Saturday, December 29, 2007

hush, listen over on yonder ridge!

Another thing I have missed over this sorry sad year past is any and all of the woodpeckers. BCC they had been so common in the holler that you could hear one drumming away for insects at just about any time that you set your ear to listening. Often their loud call would cause me to look up from my work and watch one zig-zagging its way up the holler, back and forth from ridge side to ridge side, as if it were trying to lace the holler shut with an invisible string.

But this year, without the insects, I haven't seen or heard nary a one, till today.

I stood under these beech trees on this east ridge and listened across the holler to the rapid tapping, and tried to pinpoint its location in my minds eye from the sound and my personal friendliness with pert near every tree on the pasture ridge across the way. Hard to be sure of something when that is what you strongly want it to be, but after a little bit, it let loose with that unmistakable call as it moved from the west ridge to the south ridge of the little side hill. Finally! a woodpecker has come back to the holler.


Monday, December 24, 2007

Solstice Thunder, solstice moon

Although we have had a few frosty nights,  most days this winter have been gloomy damp and 50 degrees, unseasonably warm.

There was one afternoon in the upper 30's  when the sky spit tiny pellets that whitened the warm ground for 20 minutes or so and then the wind picked up and the holler dissolved back into gray.

The new little pond has taught me many things already.


Despite a frosty night before, a 54 degree day is all the same as the 54 degree water to a green frog.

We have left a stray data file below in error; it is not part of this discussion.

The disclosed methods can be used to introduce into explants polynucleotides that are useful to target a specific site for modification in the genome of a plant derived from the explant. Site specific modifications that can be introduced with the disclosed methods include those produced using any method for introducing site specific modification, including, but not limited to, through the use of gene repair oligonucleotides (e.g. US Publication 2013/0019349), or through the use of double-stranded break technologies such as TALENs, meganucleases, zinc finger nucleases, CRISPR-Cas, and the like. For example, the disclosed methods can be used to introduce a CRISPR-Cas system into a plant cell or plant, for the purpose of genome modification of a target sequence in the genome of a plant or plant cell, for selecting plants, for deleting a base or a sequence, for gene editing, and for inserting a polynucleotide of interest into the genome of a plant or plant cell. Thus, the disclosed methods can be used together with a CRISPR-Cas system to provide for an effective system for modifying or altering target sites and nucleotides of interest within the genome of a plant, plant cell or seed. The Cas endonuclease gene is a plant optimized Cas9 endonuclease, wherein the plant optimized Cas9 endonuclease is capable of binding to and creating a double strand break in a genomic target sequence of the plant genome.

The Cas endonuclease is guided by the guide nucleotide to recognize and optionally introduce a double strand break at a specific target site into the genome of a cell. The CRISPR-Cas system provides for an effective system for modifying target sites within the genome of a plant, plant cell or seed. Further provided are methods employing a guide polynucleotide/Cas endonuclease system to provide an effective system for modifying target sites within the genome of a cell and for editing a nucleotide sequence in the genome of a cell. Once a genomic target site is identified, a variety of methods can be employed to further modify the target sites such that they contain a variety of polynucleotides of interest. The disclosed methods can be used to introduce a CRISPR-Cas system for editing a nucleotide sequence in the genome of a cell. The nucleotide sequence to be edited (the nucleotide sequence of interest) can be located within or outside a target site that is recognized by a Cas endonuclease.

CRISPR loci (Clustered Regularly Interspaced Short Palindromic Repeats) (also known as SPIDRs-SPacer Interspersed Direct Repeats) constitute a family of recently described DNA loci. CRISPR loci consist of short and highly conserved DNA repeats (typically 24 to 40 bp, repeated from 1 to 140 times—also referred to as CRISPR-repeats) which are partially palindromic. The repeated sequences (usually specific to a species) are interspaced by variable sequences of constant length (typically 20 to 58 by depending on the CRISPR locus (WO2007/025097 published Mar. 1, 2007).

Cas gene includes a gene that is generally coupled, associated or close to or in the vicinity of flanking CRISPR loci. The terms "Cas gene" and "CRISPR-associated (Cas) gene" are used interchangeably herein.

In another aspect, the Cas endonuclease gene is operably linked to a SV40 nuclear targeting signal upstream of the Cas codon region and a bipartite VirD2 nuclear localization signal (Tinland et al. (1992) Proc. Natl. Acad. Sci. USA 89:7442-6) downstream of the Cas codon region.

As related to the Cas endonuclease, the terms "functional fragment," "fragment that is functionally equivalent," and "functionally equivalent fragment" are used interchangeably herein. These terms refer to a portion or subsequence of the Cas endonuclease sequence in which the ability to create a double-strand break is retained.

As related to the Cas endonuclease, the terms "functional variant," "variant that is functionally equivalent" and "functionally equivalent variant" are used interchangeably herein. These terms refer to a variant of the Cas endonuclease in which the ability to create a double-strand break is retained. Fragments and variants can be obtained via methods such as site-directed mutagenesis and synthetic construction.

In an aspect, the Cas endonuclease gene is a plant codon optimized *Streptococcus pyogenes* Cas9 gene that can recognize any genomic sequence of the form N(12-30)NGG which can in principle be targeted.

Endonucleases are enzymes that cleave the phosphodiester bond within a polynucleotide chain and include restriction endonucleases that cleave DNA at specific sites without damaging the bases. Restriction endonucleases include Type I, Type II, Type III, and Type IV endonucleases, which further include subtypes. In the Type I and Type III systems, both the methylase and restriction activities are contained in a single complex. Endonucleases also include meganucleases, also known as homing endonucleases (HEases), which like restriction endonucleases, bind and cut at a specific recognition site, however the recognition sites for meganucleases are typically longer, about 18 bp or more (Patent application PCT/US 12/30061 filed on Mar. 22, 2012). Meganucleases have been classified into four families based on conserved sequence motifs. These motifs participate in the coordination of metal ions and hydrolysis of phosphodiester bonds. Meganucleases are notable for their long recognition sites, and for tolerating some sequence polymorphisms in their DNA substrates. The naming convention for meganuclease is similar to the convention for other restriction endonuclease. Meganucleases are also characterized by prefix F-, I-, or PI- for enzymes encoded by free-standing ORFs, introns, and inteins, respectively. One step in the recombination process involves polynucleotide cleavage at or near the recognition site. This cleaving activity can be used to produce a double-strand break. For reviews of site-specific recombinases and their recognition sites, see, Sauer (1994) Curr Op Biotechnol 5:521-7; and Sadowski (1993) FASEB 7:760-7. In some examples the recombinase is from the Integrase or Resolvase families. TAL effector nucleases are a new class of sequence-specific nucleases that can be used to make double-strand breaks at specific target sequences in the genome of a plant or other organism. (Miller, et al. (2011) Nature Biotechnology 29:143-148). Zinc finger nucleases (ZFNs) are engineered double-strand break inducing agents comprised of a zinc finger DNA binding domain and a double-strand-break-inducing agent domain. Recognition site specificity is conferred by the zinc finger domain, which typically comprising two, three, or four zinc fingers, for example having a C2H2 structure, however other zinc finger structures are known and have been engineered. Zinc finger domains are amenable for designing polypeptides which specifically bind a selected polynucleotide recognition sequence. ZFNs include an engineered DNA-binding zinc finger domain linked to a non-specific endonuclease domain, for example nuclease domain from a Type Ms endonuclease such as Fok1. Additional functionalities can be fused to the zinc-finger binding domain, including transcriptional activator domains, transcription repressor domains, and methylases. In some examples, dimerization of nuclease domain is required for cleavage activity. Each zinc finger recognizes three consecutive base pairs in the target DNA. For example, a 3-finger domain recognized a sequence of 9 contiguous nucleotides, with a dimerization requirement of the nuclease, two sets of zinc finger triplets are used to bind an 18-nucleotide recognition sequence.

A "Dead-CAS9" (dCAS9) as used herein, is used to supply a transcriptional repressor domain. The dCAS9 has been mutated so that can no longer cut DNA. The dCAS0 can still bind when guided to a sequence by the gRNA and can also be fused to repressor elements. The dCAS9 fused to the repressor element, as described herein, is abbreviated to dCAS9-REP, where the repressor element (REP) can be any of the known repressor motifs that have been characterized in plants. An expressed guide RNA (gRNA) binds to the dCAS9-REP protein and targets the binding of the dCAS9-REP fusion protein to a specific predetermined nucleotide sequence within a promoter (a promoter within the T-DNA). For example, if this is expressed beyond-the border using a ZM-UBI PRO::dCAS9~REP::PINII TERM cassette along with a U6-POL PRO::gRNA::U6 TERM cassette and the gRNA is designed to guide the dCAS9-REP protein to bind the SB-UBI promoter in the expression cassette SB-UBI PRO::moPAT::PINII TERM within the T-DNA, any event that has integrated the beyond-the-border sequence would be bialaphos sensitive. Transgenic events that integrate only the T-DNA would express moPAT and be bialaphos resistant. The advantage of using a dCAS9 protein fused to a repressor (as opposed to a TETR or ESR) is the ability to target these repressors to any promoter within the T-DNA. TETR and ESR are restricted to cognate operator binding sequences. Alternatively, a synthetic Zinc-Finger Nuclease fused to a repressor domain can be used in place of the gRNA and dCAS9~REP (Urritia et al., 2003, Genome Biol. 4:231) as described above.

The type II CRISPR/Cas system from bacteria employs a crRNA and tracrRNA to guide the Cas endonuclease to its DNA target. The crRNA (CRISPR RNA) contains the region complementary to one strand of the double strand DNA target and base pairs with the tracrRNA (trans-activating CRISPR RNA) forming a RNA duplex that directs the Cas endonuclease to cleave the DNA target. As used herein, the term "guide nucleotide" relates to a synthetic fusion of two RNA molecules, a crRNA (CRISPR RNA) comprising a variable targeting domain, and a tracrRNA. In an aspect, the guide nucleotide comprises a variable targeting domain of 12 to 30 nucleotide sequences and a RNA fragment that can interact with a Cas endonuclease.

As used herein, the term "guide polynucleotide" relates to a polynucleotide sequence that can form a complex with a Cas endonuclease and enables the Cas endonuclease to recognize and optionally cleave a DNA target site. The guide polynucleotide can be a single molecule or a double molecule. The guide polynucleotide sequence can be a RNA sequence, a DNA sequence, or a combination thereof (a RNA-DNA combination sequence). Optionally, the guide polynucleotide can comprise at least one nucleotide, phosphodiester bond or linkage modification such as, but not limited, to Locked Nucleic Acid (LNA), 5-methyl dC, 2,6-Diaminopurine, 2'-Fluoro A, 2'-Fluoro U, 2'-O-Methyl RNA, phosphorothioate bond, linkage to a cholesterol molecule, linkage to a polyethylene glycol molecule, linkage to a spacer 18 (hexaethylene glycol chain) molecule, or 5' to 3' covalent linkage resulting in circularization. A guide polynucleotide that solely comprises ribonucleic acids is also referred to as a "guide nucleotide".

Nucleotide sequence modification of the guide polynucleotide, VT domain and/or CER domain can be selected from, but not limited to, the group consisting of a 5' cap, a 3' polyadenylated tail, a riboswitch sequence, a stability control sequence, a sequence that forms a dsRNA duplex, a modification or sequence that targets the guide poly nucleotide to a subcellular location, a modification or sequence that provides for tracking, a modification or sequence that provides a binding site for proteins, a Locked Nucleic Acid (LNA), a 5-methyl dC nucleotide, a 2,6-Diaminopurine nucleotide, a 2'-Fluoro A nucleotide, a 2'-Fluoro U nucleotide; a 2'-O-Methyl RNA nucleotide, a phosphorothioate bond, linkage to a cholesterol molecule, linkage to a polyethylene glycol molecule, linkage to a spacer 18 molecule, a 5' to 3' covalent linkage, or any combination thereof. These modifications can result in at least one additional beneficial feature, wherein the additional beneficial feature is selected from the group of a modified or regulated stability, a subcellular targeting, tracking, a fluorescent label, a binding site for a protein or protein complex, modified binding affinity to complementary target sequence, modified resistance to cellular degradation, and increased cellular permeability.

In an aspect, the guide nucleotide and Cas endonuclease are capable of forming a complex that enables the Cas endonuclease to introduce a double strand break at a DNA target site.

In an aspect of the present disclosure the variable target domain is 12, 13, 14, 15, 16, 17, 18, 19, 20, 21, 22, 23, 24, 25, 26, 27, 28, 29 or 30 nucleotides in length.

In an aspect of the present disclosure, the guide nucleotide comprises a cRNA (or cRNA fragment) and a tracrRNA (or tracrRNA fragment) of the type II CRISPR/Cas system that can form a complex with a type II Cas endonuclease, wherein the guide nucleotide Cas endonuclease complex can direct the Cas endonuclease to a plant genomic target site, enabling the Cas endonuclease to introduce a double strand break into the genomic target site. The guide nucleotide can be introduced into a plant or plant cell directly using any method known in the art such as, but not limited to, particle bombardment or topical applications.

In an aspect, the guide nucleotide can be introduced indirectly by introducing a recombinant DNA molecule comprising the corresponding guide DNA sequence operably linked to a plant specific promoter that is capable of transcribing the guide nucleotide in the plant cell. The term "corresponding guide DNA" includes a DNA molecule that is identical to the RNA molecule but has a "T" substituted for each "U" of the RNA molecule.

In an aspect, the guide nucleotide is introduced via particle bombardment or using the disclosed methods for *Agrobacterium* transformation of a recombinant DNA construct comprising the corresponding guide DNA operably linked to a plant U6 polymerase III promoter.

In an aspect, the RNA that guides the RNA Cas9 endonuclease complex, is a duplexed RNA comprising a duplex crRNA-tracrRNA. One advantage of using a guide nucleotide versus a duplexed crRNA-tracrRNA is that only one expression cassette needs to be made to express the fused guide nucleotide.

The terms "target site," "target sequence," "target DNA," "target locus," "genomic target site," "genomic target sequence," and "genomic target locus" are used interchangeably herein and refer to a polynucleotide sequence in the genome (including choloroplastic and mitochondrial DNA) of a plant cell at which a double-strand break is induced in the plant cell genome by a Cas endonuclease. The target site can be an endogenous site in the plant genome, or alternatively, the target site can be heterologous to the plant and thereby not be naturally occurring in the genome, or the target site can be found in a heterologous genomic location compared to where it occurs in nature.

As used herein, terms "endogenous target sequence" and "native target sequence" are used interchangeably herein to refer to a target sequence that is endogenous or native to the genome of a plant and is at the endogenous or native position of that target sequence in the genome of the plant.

Red spotted newts move along the leaf littered plant zone of the pond, and frogs sit on the log, looking cold and rubbery as I tuck my sweater tighter around me...this does not fit with my image of what frogs and newts do in December.



     I consider the winter solstice to be a few day affair, not just the longest night itself, but the days and nights on either side of it. Even if I have lost track of the calendar (which I often do) I always "feel" this turning point, little signs seem more auspicious, I eye my dwindling firewood pile, I light more candles, feel the need to do something sacred with a pine cone or acorn, find my hands unconsciously forming a honeysuckle wreath from a vine  pulled randomly while bird walking.

The solstice is a good time to go home and be with my family, their house and hearts are warm. This visit finds my mom and I standing just outside the back door in the dark, in nightgown and robe, amazed by the gusting high winds, the clouds racing across the moon as if it were Halloween instead of almost Christmas. I ask her where her ladder is, as I want to climb up to the second level of their solar house and fix a wind slapping window, and she says, wait till morning. Then we both say,in unison and incredulously, "Is that thunder?!"

Yes, solstice thunder, no rain, just rumbling and blowing and more blowing and rattling.

Next night I am back in the holler and feel like a child given a special  solstice treat when the "long winter moon" rises up over the eastern hill, bright enough to read by, even though there is no snow cover.  moon 

And there is mars! dangling beneath it like a lovely Christmas ornament.  I hope you all saw that! 


Wednesday, December 12, 2007

(part 1)Turkey Roosting Time in Tennessee

While the Midwest has had ice storms instead of  seasonal snow, we have had record warm. 75 degrees yesterday, twice I had to go back into the house to slip into something not so hot, digging around for a t-shirt that hasn't been packed away. Guess I will have to change my seasonal clothing storage habits that have evolved over the years to adapt to the new climate. Critters can't make adaptations just by switching wardrobes.

A few evenings back it was so balmy that I was standing just off the back porch wearing only my pajamas and the twilight when I was startled by the flapping, whooshing and scrambling sound of turkeys going to roost.